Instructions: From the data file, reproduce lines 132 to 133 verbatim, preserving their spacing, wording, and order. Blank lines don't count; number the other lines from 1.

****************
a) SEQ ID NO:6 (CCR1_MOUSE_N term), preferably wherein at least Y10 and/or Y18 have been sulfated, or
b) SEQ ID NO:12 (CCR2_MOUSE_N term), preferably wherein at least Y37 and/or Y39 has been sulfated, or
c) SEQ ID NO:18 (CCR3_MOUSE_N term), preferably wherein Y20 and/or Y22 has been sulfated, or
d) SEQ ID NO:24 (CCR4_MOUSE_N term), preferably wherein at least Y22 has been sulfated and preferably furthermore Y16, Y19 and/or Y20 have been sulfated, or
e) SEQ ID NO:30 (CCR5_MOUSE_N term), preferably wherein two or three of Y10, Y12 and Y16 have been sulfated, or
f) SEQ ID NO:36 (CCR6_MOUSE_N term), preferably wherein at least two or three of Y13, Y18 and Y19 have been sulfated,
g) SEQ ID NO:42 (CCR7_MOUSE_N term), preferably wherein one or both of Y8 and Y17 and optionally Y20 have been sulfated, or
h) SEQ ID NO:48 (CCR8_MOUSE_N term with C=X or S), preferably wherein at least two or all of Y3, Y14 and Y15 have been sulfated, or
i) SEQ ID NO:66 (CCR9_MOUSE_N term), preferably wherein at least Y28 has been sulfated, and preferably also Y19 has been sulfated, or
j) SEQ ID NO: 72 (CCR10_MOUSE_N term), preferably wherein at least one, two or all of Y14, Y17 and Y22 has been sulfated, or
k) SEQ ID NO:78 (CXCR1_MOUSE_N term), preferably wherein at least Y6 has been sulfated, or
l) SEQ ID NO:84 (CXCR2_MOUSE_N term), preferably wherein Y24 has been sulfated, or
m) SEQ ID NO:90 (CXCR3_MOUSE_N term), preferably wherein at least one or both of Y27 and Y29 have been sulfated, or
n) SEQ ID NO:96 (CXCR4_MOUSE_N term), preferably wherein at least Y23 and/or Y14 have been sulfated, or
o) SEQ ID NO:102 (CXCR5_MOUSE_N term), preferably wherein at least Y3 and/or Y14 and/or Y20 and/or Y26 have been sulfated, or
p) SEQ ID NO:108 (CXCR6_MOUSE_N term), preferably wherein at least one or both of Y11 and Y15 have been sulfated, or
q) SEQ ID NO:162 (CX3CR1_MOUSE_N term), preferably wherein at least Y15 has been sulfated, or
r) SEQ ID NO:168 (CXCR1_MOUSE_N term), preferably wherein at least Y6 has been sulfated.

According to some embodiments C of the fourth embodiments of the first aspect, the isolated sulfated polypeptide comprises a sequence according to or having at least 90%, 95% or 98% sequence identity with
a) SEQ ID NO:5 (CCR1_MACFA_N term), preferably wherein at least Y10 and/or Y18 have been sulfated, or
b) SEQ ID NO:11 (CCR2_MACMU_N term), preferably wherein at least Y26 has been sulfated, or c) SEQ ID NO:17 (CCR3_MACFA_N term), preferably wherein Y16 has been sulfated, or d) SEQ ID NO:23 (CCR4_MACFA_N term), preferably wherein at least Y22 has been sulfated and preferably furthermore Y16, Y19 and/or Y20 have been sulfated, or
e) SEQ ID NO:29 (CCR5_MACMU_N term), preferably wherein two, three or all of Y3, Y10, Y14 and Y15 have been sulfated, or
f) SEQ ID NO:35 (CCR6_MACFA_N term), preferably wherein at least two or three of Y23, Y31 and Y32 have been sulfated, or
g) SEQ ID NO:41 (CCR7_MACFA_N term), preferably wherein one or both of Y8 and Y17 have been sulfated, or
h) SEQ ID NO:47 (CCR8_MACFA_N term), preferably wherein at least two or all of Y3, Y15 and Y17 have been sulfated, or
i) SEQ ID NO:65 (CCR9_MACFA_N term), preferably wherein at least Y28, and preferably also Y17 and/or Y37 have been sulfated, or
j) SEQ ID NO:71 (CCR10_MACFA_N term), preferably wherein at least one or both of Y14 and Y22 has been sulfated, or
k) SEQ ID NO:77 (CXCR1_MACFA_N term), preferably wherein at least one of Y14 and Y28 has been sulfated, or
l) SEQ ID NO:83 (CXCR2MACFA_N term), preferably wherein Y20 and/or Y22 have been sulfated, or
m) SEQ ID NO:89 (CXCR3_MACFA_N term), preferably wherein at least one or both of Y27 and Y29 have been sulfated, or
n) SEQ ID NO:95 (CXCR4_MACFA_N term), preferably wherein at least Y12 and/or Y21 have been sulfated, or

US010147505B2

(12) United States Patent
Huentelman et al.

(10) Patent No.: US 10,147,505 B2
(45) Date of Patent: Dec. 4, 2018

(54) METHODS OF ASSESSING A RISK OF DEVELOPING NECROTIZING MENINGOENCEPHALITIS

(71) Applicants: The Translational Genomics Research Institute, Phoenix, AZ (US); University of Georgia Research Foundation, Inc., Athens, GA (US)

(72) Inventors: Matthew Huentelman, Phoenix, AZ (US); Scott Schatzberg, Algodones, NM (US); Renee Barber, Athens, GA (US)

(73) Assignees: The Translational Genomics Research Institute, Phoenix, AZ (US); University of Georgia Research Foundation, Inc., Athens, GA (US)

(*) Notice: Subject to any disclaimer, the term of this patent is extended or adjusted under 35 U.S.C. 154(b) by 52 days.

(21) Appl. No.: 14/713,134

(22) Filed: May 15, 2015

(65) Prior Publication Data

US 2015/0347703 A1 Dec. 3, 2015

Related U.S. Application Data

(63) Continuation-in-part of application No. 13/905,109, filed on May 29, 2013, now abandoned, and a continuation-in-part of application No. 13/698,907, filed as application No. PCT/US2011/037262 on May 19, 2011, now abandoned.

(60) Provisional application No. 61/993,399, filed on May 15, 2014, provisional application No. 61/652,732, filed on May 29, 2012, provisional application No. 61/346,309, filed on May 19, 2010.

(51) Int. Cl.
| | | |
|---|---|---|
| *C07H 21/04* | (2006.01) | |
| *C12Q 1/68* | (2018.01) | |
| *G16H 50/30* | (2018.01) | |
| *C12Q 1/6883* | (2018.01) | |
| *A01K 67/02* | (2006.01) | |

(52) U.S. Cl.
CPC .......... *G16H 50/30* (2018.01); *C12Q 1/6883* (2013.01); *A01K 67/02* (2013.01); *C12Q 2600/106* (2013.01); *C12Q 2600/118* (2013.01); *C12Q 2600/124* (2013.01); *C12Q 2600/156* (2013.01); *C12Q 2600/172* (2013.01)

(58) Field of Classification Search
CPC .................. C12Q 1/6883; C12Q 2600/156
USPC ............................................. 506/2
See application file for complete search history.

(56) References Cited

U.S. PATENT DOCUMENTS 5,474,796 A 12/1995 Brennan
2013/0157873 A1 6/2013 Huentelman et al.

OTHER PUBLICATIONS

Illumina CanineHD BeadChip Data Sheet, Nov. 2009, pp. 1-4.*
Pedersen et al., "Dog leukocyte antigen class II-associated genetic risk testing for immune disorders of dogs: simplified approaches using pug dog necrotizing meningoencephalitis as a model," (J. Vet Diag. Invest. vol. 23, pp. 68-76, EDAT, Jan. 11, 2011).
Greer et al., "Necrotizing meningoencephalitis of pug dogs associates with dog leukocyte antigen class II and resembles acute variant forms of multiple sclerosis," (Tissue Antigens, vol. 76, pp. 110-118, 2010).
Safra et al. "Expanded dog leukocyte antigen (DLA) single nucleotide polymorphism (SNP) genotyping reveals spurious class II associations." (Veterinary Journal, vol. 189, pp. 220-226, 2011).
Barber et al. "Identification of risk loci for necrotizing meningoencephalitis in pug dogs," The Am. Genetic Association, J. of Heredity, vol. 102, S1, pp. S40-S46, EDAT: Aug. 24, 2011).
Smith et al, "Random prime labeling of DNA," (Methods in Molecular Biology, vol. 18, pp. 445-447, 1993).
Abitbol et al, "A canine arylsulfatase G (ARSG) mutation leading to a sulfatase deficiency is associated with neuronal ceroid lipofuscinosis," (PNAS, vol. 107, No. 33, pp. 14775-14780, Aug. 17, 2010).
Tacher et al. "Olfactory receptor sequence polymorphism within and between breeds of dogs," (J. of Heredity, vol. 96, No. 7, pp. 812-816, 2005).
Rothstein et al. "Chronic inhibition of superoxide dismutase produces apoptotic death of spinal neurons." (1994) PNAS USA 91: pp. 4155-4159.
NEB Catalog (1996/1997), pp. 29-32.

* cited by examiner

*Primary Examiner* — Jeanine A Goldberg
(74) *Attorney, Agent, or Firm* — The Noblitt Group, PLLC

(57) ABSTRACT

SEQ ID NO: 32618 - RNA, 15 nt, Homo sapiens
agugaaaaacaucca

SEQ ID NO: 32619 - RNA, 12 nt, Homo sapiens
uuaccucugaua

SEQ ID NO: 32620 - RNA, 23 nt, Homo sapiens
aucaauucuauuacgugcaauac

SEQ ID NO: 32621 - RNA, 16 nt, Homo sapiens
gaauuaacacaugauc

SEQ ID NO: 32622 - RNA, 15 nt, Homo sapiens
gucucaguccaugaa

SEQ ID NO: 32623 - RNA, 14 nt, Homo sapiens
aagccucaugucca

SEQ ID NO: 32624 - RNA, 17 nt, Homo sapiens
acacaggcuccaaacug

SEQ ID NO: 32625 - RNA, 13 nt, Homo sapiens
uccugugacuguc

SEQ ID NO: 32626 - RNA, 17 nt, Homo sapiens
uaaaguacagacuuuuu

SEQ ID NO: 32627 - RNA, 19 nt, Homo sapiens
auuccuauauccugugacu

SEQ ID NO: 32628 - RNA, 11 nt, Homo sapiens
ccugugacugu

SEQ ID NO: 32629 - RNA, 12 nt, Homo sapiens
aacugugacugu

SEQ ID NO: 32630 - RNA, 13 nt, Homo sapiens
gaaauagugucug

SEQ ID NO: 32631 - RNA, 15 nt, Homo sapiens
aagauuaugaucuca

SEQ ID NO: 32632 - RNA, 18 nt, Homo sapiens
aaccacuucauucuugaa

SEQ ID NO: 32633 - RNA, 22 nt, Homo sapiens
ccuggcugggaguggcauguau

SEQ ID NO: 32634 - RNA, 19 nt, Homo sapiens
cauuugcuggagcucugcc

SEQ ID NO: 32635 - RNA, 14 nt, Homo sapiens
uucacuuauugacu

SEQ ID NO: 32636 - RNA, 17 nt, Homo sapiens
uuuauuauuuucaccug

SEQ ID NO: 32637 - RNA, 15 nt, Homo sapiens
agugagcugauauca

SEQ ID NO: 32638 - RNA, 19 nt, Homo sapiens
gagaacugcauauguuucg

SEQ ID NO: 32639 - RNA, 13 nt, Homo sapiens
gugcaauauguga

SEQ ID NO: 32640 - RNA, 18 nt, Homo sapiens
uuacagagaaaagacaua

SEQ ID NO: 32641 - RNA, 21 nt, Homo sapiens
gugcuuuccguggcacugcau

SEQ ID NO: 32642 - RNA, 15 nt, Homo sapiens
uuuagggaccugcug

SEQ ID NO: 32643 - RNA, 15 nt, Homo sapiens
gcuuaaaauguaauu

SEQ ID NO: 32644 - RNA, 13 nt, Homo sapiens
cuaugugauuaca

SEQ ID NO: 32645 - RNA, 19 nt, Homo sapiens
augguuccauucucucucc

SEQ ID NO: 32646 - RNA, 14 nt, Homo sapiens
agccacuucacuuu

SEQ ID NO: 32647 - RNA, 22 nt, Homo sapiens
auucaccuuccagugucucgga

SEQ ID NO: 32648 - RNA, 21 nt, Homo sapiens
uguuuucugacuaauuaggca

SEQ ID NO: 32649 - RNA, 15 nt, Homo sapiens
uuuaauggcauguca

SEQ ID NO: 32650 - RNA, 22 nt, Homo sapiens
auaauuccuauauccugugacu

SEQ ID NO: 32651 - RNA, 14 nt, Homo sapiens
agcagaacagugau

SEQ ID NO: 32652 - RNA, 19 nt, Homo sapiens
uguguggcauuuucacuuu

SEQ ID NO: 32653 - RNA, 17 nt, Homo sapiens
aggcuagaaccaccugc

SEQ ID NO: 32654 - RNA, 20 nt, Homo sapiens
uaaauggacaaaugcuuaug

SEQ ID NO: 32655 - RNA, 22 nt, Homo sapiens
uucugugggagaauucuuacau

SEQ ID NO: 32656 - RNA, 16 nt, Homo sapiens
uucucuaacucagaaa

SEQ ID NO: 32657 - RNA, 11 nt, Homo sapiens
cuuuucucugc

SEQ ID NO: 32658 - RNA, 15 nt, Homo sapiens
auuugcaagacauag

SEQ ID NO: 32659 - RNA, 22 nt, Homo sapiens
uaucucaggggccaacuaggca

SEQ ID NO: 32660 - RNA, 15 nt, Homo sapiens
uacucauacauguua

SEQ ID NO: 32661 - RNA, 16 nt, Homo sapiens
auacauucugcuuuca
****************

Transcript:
gcuuaaaauguaauu

SEQ ID NO: 32644 - RNA, 13 nt, Homo sapiens